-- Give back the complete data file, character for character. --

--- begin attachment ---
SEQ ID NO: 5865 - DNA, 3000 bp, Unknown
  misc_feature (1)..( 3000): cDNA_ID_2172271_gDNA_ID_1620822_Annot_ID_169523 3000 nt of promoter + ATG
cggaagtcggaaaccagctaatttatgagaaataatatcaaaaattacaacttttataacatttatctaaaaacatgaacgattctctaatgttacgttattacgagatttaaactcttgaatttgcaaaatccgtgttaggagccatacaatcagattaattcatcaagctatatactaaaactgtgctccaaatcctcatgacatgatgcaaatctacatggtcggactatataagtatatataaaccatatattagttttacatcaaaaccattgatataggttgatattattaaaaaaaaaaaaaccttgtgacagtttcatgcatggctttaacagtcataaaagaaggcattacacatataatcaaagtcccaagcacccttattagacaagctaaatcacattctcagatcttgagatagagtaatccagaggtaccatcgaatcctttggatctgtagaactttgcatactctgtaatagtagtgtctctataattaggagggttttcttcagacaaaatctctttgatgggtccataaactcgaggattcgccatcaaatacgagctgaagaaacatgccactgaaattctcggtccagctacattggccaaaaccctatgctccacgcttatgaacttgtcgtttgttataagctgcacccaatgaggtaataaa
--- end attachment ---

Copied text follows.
SEQ ID NO: 5865 - DNA, 3000 bp, Unknown
  misc_feature (1)..( 3000): cDNA_ID_2172271_gDNA_ID_1620822_Annot_ID_169523 3000 nt of promoter + ATG
cggaagtcggaaaccagctaatttatgagaaataatatcaaaaattacaacttttataacatttatctaaaaacatgaacgattctctaatgttacgttattacgagatttaaactcttgaatttgcaaaatccgtgttaggagccatacaatcagattaattcatcaagctatatactaaaactgtgctccaaatcctcatgacatgatgcaaatctacatggtcggactatataagtatatataaaccatatattagttttacatcaaaaccattgatataggttgatattattaaaaaaaaaaaaaccttgtgacagtttcatgcatggctttaacagtcataaaagaaggcattacacatataatcaaagtcccaagcacccttattagacaagctaaatcacattctcagatcttgagatagagtaatccagaggtaccatcgaatcctttggatctgtagaactttgcatactctgtaatagtagtgtctctataattaggagggttttcttcagacaaaatctctttgatgggtccataaactcgaggattcgccatcaaatacgagctgaagaaacatgccactgaaattctcggtccagctacattggccaaaaccctatgctccacgcttatgaacttgtcgtttgttataagctgcacccaatgaggtaataaa